Day By Day

Saturday, August 14, 2010

The Continuing Collapse of Scientific Authority -- Fraud at Harvard

Even in the most illustrious institutions, the quest for fame and fortune corrupts scientific inquiry.

Harvard's media-friendly evolutionary psychologist Marc Hauser, famous for his 2006 book Moral Minds, is under investigation for misrepresenting research on morality in primates. Students asked Harvard officials to raid Hauser's lab three years ago; they didn't like what they found.

Like his colleague Steven Pinker, Hauser believes that primates (including humans) possess psychological traits - like morality - which go back quite far in our evolution. In other words, humans possess an innate sense of right and wrong that they share with their evolutionary cousins, the monkeys and apes. He's written extensively about the moral and cognitive traits of tamarin monkeys, as well as human babies. But, according to the New York Times' Nicolas Wade, who has been following this unfolding academic melodrama, Hauser's students got so fed up with wrongdoings in his lab that they reported him to Harvard authorities three years ago. They claimed he was misrepresenting his research, an accusation which was mirrored by other colleagues.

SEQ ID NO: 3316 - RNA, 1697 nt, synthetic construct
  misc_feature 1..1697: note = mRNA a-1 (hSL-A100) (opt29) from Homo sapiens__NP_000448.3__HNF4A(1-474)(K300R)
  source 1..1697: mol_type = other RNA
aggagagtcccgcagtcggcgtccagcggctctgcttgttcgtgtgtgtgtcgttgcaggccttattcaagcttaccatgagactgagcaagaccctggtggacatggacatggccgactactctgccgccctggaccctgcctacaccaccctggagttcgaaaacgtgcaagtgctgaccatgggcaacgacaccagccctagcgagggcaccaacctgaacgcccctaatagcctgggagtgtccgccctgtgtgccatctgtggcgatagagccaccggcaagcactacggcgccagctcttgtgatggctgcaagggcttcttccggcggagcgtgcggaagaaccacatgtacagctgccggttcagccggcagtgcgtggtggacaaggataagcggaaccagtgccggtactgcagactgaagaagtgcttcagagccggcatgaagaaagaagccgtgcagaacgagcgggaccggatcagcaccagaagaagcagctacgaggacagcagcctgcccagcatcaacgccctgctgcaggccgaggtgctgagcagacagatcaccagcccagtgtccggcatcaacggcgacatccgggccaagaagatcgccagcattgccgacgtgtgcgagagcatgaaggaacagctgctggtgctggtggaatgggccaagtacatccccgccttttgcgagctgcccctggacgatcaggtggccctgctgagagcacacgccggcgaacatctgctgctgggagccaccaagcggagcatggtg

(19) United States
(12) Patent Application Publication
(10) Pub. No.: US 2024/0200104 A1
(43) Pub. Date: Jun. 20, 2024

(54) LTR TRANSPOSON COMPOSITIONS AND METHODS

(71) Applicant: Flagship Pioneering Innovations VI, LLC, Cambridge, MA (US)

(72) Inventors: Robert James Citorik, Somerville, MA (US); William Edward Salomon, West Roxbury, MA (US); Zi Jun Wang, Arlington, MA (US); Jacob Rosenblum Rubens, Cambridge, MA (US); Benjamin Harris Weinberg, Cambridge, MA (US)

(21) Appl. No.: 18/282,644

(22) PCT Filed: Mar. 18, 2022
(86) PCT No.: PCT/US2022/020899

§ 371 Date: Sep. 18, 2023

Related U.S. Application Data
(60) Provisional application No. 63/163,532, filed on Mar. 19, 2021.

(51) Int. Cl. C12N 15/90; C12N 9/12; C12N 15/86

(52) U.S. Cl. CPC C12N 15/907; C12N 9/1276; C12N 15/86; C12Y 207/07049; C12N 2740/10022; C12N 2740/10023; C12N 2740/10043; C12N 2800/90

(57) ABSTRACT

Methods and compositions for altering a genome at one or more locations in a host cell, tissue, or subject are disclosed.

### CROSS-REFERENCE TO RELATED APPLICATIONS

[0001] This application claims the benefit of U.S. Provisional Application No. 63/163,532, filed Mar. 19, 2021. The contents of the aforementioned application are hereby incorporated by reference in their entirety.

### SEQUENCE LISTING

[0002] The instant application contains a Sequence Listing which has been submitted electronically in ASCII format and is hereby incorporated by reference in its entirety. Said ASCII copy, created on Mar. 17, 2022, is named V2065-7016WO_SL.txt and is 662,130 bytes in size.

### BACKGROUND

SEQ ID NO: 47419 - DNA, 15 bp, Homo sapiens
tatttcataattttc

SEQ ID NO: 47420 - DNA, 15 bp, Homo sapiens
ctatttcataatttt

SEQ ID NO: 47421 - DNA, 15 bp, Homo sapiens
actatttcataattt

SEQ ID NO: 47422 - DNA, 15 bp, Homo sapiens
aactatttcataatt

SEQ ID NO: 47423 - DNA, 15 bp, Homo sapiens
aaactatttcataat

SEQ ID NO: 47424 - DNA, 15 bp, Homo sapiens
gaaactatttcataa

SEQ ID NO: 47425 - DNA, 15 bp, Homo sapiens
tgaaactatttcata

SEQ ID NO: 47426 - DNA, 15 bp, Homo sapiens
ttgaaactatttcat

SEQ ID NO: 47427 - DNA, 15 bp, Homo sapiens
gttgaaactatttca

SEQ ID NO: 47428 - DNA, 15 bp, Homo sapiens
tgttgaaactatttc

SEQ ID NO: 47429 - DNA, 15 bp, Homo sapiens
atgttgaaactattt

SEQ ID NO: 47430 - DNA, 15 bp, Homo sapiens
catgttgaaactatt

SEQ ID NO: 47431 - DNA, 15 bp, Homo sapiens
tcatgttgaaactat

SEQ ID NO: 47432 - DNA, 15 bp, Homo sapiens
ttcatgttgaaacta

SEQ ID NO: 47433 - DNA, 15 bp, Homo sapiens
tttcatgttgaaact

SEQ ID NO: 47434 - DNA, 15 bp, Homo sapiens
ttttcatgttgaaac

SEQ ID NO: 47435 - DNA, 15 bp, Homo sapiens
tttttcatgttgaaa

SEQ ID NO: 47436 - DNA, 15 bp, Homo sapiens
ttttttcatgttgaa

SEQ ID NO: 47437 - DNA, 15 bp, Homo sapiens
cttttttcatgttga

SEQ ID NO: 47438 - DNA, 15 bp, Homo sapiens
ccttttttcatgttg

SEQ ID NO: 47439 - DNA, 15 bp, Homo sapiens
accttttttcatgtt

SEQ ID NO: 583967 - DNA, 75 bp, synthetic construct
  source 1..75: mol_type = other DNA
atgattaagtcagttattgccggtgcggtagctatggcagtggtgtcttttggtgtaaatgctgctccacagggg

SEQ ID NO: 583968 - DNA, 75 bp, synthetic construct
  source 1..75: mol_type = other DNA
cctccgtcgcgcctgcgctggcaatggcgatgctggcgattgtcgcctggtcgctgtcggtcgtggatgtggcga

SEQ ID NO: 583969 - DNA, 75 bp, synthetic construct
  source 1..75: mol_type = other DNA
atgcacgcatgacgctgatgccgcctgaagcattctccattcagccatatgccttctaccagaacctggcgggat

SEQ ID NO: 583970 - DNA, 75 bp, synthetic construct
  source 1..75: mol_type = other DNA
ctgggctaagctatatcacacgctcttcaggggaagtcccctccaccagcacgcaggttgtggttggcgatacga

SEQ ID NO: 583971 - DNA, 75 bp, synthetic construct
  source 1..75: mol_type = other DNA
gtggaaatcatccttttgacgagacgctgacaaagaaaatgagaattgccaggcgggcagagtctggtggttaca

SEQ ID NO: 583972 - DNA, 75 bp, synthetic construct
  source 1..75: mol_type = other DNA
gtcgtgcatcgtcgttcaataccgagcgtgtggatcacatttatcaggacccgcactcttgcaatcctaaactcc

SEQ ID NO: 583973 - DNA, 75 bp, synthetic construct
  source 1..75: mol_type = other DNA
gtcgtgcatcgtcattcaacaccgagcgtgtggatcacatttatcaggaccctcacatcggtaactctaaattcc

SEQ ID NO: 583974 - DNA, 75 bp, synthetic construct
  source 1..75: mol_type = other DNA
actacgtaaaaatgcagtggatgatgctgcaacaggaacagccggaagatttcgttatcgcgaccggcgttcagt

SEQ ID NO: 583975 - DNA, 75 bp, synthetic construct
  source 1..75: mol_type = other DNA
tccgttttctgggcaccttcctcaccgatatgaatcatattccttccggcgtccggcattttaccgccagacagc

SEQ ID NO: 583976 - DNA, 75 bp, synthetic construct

Read it here. Original NYT report here.

So the scientist wanted to become a media star and in the process of doing so sold his integrity and threatens that of the entire field. And how did Harvard react to the problem? The Times quotes a colleague:

“The people who really know what’s happened are students, current and former,” said a scientist who asked to remain anonymous because of Dr. Hauser’s continuing power in the field. “They are very unhappy about how Harvard has handled this, and they feel things are being swept under the rug.”

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